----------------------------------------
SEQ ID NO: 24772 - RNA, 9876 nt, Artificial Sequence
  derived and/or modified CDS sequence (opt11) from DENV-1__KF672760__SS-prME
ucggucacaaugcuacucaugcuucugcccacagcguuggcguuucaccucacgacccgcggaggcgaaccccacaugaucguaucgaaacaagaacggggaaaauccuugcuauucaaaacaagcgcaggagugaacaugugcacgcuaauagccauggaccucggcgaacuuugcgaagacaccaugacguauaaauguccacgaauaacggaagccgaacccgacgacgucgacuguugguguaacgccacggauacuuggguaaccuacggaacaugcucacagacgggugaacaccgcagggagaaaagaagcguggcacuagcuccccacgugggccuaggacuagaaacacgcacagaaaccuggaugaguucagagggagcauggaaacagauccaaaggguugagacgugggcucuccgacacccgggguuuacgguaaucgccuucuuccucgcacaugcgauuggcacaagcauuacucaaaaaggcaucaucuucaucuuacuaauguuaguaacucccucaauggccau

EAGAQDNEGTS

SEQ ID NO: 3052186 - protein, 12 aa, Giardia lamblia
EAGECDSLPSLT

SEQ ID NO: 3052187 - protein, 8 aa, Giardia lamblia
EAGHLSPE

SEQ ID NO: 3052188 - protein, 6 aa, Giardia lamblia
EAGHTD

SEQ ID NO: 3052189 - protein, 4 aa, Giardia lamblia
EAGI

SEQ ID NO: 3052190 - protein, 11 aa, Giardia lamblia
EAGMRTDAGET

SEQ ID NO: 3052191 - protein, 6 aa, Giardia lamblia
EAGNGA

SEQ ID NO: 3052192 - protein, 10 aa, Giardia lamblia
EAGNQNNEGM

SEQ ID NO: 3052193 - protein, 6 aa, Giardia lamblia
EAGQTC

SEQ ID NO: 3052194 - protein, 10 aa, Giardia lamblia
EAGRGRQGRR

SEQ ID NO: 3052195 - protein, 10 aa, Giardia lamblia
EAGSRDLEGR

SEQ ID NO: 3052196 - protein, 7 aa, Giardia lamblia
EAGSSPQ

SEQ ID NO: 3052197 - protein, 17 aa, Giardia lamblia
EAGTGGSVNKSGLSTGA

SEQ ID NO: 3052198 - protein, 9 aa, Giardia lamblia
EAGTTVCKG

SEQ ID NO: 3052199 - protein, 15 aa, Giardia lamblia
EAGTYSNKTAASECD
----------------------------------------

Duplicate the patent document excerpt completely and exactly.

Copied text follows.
SEQ ID NO: 24772 - RNA, 9876 nt, Artificial Sequence
  derived and/or modified CDS sequence (opt11) from DENV-1__KF672760__SS-prME
ucggucacaaugcuacucaugcuucugcccacagcguuggcguuucaccucacgacccgcggaggcgaaccccacaugaucguaucgaaacaagaacggggaaaauccuugcuauucaaaacaagcgcaggagugaacaugugcacgcuaauagccauggaccucggcgaacuuugcgaagacaccaugacguauaaauguccacgaauaacggaagccgaacccgacgacgucgacuguugguguaacgccacggauacuuggguaaccuacggaacaugcucacagacgggugaacaccgcagggagaaaagaagcguggcacuagcuccccacgugggccuaggacuagaaacacgcacagaaaccuggaugaguucagagggagcauggaaacagauccaaaggguugagacgugggcucuccgacacccgggguuuacgguaaucgccuucuuccucgcacaugcgauuggcacaagcauuacucaaaaaggcaucaucuucaucuuacuaauguuaguaacucccucaauggccau

EAGAQDNEGTS

SEQ ID NO: 3052186 - protein, 12 aa, Giardia lamblia
EAGECDSLPSLT

SEQ ID NO: 3052187 - protein, 8 aa, Giardia lamblia
EAGHLSPE

SEQ ID NO: 3052188 - protein, 6 aa, Giardia lamblia
EAGHTD

SEQ ID NO: 3052189 - protein, 4 aa, Giardia lamblia
EAGI

SEQ ID NO: 3052190 - protein, 11 aa, Giardia lamblia
EAGMRTDAGET

SEQ ID NO: 3052191 - protein, 6 aa, Giardia lamblia
EAGNGA

SEQ ID NO: 3052192 - protein, 10 aa, Giardia lamblia
EAGNQNNEGM

SEQ ID NO: 3052193 - protein, 6 aa, Giardia lamblia
EAGQTC

SEQ ID NO: 3052194 - protein, 10 aa, Giardia lamblia
EAGRGRQGRR

SEQ ID NO: 3052195 - protein, 10 aa, Giardia lamblia
EAGSRDLEGR

SEQ ID NO: 3052196 - protein, 7 aa, Giardia lamblia
EAGSSPQ

SEQ ID NO: 3052197 - protein, 17 aa, Giardia lamblia
EAGTGGSVNKSGLSTGA

SEQ ID NO: 3052198 - protein, 9 aa, Giardia lamblia
EAGTTVCKG

SEQ ID NO: 3052199 - protein, 15 aa, Giardia lamblia
EAGTYSNKTAASECD